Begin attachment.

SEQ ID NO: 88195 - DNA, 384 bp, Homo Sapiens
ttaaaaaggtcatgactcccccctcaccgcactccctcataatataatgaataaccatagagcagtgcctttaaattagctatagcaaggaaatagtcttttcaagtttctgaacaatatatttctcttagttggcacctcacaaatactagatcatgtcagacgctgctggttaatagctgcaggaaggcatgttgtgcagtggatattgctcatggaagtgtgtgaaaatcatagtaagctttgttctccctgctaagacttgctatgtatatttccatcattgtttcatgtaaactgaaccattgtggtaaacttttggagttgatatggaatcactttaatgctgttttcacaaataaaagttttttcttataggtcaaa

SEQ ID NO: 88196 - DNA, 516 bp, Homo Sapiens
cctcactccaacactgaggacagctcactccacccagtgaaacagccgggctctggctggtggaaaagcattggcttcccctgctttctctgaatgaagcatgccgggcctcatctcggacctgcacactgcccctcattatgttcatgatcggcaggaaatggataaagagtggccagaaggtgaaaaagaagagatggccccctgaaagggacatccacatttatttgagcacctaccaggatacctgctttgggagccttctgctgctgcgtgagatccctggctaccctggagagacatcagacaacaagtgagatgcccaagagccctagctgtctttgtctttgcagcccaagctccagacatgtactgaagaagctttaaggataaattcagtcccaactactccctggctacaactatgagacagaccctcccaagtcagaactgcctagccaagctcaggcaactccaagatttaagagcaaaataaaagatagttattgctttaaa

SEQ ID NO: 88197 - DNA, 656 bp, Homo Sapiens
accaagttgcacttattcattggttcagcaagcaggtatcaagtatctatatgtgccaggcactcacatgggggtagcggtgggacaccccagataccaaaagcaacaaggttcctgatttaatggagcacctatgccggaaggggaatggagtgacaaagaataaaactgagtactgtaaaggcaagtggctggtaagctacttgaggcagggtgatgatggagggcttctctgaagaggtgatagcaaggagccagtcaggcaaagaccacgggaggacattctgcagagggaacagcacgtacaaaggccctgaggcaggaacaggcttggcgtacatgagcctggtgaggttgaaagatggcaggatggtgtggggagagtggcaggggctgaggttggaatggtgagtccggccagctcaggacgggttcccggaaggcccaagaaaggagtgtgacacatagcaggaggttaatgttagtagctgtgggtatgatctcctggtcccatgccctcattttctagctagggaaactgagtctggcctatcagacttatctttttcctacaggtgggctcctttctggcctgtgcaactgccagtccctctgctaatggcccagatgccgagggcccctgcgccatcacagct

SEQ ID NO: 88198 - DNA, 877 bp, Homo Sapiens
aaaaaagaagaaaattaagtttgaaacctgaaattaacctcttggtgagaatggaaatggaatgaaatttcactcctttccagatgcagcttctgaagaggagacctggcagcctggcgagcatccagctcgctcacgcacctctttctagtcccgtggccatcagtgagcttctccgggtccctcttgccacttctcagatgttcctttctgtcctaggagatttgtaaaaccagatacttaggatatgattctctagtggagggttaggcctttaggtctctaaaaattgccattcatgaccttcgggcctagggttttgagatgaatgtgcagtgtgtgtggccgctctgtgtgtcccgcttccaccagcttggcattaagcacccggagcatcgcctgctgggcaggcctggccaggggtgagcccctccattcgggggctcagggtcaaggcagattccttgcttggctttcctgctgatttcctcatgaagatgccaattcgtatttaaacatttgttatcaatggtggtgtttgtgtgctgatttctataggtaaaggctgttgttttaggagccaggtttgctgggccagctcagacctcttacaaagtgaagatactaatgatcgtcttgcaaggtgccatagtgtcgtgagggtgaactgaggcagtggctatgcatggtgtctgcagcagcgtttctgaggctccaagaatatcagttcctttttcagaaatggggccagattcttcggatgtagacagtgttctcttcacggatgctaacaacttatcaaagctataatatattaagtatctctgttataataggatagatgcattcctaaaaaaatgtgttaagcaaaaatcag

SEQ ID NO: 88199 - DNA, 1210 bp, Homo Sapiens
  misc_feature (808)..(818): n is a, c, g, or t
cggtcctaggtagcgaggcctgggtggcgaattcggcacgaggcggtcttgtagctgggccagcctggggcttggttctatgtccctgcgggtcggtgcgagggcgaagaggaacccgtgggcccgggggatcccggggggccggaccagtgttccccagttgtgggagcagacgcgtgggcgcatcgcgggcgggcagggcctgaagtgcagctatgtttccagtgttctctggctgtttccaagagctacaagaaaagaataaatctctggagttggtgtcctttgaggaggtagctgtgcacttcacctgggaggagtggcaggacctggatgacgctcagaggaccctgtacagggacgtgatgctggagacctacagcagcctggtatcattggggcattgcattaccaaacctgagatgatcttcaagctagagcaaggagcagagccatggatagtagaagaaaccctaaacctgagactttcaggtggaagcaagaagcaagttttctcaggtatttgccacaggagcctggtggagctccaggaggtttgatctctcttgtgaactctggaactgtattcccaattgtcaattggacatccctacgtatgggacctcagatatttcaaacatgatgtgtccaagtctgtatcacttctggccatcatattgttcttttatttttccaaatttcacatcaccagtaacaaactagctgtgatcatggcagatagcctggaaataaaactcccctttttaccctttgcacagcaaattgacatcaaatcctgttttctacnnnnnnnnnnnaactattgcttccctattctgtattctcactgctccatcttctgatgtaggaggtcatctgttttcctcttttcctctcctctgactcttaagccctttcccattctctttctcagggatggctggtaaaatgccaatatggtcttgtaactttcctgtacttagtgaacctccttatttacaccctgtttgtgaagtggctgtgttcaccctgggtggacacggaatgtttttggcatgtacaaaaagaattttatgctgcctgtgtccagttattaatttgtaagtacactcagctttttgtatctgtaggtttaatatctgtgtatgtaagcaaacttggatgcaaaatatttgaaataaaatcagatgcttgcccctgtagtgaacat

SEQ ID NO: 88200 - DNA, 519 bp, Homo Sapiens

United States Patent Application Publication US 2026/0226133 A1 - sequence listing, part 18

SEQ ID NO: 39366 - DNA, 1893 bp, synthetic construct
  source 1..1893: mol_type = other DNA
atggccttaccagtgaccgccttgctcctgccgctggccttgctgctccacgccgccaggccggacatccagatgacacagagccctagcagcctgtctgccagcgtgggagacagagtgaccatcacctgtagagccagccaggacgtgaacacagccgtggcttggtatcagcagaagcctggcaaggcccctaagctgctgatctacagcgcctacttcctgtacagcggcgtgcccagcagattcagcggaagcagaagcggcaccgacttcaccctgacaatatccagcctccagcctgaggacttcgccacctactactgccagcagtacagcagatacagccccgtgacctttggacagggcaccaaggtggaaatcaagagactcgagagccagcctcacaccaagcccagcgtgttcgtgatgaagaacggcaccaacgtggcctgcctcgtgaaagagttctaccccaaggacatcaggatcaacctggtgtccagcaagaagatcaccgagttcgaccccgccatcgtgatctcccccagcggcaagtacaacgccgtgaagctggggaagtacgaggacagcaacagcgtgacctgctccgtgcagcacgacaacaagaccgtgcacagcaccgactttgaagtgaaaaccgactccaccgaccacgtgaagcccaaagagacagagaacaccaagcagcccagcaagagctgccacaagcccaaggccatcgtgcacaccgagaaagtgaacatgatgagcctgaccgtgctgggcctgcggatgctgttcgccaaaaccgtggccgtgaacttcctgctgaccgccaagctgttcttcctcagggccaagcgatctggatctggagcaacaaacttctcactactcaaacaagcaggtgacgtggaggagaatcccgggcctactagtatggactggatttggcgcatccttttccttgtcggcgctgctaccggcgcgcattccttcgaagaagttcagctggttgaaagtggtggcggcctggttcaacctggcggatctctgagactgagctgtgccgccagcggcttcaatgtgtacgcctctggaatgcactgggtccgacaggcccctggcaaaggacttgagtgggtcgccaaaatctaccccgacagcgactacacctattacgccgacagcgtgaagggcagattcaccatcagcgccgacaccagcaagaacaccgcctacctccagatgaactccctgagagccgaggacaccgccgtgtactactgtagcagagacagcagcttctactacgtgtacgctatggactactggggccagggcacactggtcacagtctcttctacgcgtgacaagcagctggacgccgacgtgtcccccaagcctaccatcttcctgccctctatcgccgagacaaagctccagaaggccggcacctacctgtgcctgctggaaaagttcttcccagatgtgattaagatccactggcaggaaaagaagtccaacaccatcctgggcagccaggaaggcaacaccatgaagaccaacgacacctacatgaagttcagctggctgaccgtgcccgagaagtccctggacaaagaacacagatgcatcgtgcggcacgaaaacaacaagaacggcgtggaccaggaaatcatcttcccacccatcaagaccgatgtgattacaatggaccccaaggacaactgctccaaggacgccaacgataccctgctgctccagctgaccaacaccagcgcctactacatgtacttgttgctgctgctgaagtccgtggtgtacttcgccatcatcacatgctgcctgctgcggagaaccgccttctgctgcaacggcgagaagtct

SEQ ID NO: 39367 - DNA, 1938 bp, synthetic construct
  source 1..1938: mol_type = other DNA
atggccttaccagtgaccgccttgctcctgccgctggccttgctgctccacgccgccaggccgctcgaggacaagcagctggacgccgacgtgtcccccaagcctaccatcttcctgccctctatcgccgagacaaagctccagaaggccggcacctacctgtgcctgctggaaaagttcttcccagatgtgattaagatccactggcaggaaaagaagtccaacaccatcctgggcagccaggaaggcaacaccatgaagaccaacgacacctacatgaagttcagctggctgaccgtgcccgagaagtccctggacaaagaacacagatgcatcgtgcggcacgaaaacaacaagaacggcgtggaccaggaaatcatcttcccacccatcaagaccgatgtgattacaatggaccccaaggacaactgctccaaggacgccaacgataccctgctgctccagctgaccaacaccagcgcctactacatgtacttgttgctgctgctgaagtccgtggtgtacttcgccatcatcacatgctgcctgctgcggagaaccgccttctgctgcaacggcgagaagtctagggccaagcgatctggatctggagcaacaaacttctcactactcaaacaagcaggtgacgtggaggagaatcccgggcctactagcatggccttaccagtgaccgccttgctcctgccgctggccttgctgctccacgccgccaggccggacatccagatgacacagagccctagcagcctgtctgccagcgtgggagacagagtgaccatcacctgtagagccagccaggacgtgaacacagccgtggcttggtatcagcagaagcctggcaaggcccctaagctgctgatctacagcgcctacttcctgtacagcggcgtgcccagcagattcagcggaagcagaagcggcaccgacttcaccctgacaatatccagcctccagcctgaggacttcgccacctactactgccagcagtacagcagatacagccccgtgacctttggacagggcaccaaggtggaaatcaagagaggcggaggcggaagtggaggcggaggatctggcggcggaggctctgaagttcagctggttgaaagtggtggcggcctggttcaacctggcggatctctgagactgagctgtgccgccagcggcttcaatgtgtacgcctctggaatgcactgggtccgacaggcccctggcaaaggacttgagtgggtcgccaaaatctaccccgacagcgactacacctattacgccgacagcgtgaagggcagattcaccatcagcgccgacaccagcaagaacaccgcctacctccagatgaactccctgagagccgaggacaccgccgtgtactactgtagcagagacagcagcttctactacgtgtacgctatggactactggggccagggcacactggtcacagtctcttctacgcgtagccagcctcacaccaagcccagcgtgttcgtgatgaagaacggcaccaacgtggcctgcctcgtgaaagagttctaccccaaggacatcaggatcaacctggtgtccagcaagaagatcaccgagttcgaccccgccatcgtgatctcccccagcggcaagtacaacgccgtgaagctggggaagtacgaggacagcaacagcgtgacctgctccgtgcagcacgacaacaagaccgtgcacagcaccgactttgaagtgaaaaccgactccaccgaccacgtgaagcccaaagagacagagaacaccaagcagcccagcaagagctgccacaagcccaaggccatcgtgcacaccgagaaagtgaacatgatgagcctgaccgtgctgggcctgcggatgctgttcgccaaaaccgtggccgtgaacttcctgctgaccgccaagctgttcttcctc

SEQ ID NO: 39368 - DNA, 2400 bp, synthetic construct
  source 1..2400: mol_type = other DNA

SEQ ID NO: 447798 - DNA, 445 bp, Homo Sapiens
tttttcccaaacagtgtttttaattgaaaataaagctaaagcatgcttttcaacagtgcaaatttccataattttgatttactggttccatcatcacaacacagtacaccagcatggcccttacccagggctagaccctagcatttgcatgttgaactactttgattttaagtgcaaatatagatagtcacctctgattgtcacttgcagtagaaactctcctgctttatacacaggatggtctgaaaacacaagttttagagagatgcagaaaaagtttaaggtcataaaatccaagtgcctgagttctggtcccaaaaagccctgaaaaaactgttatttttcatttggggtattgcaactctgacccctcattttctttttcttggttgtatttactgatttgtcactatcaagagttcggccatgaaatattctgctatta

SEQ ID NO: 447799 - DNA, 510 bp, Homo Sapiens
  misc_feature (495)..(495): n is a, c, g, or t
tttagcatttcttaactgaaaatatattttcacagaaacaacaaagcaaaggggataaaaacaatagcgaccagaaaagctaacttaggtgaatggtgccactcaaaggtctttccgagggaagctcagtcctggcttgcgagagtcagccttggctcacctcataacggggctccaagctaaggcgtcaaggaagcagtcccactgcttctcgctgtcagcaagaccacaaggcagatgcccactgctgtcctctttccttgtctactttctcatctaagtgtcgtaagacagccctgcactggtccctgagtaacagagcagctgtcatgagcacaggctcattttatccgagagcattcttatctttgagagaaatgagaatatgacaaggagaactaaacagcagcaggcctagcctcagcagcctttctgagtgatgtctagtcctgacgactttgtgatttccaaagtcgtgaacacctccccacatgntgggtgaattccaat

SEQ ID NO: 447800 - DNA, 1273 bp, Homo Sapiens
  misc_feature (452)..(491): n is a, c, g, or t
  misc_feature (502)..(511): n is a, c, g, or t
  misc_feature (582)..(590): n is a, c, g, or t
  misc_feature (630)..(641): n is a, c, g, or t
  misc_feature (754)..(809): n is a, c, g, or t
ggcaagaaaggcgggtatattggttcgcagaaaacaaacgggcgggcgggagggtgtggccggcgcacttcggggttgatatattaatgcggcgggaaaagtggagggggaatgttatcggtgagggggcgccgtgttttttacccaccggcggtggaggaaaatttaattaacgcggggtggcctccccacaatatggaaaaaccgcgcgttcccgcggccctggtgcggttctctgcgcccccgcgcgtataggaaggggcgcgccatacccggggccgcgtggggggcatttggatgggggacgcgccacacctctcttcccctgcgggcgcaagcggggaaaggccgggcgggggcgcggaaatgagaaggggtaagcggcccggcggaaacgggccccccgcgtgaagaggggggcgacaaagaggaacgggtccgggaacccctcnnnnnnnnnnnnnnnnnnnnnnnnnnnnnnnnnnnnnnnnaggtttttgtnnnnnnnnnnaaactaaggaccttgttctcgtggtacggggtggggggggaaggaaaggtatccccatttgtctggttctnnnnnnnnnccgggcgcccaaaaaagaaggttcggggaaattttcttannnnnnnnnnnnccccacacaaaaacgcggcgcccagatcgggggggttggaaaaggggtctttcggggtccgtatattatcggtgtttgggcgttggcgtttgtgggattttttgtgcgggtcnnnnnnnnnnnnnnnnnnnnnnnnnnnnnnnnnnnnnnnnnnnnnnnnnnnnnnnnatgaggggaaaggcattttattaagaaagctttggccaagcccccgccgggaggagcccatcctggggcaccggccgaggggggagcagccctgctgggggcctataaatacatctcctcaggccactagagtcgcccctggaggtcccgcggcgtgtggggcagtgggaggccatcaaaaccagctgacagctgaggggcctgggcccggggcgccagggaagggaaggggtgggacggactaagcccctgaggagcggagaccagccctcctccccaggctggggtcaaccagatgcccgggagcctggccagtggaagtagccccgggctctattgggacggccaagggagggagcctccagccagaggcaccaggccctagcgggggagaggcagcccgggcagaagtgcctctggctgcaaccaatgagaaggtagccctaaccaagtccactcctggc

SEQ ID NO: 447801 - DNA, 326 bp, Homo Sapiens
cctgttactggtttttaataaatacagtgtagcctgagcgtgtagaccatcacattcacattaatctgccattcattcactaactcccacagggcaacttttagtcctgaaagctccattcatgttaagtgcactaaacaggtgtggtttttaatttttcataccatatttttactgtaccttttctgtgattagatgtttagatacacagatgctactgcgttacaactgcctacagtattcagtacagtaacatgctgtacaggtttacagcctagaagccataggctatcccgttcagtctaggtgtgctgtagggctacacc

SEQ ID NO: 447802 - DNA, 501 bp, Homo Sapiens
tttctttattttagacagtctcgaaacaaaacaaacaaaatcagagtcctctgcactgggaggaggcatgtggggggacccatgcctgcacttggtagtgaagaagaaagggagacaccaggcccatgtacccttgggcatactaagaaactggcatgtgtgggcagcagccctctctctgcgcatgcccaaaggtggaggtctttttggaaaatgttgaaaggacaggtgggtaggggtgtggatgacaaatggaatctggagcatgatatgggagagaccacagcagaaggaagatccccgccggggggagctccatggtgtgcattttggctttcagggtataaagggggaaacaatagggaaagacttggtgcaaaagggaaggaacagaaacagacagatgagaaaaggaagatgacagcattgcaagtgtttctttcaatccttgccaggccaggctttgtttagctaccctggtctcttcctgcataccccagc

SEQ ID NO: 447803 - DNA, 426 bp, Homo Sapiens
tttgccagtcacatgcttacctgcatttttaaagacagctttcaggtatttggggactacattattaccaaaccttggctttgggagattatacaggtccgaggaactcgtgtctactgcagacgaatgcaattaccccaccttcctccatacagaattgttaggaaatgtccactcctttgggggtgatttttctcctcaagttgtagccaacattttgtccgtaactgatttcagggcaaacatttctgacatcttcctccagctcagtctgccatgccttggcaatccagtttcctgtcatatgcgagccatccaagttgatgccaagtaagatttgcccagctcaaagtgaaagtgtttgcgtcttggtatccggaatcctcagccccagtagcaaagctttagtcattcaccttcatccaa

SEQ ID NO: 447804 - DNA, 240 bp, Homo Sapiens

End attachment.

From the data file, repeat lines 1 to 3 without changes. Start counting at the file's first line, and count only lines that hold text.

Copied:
SEQ ID NO: 88195 - DNA, 384 bp, Homo Sapiens
ttaaaaaggtcatgactcccccctcaccgcactccctcataatataatgaataaccatagagcagtgcctttaaattagctatagcaaggaaatagtcttttcaagtttctgaacaatatatttctcttagttggcacctcacaaatactagatcatgtcagacgctgctggttaatagctgcaggaaggcatgttgtgcagtggatattgctcatggaagtgtgtgaaaatcatagtaagctttgttctccctgctaagacttgctatgtatatttccatcattgtttcatgtaaactgaaccattgtggtaaacttttggagttgatatggaatcactttaatgctgttttcacaaataaaagttttttcttataggtcaaa

SEQ ID NO: 88196 - DNA, 516 bp, Homo Sapiens